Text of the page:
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Extrication Tips: October 2013


September 27, 2013
By Randy Schmitz

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In the July issue of Canadian Firefighter and EMS Quarterly, I outlined the design and functionality of the high-tension cable barrier (HTCB) system.

In the July issue of Canadian Firefighter and EMS Quarterly, I outlined the design and functionality of the high-tension cable barrier (HTCB) system.

In this edition, we will discuss a first-responder’s approach to dealing with a vehicle that has been involved in a collision with the HTCB system and the options available to release the vehicle from the cables. 

When a vehicle hits a HTCB system, more often than not, it glances off the system and is safely redirected due to the design characteristics of the barrier. However, there are situations in which the vehicle becomes entangled within the system and a means of releasing it is required.

The level of urgency should indicate which method of disentanglement is the best practice in each situation. Another important factor is proficiency; the time required to deal with the cables is very important because working close to the road presents a safety issue for rescue personnel. As rescue personnel become more familiar with disassembly methods, however, the amount of time required on scene decreases.

As rescuer, I make it a habit to never feel comfortable while working at an accident on a highway, even with all the safety protocols in place.

Use caution and best judgment when approaching a situation in which the vehicle is still tangled in the cables as there could be instability. Always keep non-emergency personnel away from the cable system.

Option 1: Release or reduce tension in the HTCB system

CFF-Oct2013-ET-photo1  
Photo 1: Pull the top portion of the galvanized metal lock plate slightly upwards while turning the notched metal piece counter-clockwise to release it from the hairpin. Remove it completely from inside the post. Photos By Randy Schmitz


 
CFF-Oct2013-ET-photo2  
Photo 2: Grasp the top cable with another rescuer and pull straight up until the hooked end of the hairpin dislodges from the galvanized post’s back side. Then pull the hairpin itself away from the post.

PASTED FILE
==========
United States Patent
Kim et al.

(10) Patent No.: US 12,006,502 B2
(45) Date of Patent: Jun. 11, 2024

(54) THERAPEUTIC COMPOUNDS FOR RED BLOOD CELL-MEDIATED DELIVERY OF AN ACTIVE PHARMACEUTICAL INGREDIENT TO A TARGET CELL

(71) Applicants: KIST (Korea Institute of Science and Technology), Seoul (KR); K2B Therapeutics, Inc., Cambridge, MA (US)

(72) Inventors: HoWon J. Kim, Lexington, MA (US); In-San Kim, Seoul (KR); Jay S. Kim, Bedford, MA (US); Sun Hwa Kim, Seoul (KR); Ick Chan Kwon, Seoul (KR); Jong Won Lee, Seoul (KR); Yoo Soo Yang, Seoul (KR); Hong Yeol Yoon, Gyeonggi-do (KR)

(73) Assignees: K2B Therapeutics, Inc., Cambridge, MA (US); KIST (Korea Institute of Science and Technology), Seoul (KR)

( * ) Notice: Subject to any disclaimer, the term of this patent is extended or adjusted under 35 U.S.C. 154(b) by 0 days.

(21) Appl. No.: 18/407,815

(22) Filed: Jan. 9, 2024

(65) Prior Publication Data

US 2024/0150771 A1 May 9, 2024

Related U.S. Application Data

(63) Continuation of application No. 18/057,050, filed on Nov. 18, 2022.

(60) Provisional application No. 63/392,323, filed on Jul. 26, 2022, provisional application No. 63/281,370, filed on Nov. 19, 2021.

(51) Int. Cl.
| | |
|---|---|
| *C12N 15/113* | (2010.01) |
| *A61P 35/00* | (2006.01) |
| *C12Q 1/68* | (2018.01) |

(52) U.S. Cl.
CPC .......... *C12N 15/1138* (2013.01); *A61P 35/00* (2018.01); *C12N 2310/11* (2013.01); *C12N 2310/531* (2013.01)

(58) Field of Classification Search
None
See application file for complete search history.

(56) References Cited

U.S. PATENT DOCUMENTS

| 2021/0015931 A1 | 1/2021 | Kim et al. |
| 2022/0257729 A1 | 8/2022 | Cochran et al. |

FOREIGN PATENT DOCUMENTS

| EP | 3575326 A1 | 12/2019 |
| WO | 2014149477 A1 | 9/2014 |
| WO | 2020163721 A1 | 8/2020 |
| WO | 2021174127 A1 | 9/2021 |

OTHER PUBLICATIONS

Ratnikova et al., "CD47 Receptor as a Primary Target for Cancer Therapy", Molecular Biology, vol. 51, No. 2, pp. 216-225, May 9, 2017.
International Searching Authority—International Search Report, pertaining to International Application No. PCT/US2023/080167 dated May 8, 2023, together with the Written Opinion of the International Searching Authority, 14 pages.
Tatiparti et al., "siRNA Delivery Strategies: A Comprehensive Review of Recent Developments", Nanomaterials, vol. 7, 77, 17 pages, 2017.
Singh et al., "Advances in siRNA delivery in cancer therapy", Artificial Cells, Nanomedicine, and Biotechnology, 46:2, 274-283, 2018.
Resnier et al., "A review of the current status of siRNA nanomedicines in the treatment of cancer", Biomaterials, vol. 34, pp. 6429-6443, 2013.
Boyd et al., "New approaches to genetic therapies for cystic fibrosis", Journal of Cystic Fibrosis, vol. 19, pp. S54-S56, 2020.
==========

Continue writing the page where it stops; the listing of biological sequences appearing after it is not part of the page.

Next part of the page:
There may be enough slack in the cables to move them out of the way of obstruction. Try to manipulate the cables first to see if they will move out of the way enough for you to gain access to either a door or the roof of the vehicle. If the vehicle is not too deeply entangled, move 20 to 30 metres (70 to 100 feet), or six or seven posts, depending on their spacing, away from the incident.

Remove the lock plate that is holding the hairpin in place and grasp the top portion of the galvanized metal lock plate with your fingertips. Pull upwards slightly while turning the notched metal piece counter-clockwise to release it from the hairpin. Remove it completely from inside the post (see photo 1). Next, grasp the top cable with another rescuer and pull straight up about 7.5 centimetres (three inches) until the hooked end of the hairpin becomes dislodged from the galvanized post’s back side. Then pull the hairpin away from the post (see photo 2). The cables, which are nested into the grooved slots of the hairpin, will fall out as the weight of the cable overcomes the static tension; the additional slack eventually allows the cables to drop to the ground. Note that the cables are not attached to the posts or the hairpin. The remaining hairpin slides down the centre slot in the post and also comes to rest on the ground. If the line post starts to move out of the socket before the cables move, stop and drive a wooden wedge into the side of the post and the socket to ensure it will not move upward. A line post that is under tension and is removed from the socket may kick out and strike the rescuer in the legs or feet. (For a video demonstration, click here.)

Option 2: Release the vehicle
To avoid the need to cut the cable, a tow truck needs to be on the same side of the barrier as the vehicle.

If a vehicle is tangled in the cables, first pull the vehicle back toward the centreline of the cable barrier to take the lateral force out of the cable, and then pull the vehicle out the same way it entered.

A tow truck should be able to lift most vehicles off the cables, if the vehicles happen to be straddling a cable.

It may also be feasible to cut off part of the vehicle that is tangled on the cable, such as the corner of the bumper or the fender, to release it.

Option 3: Release the turnbuckle

CFF-Oct2013-ET-photo4  
 Photo 3: Insert a crescent or pipe wrench into the centre of the turnbuckle and twist it until the cable becomes slack or the turnbuckle unscrews itself from the thread rods and releases the cable acorn ends.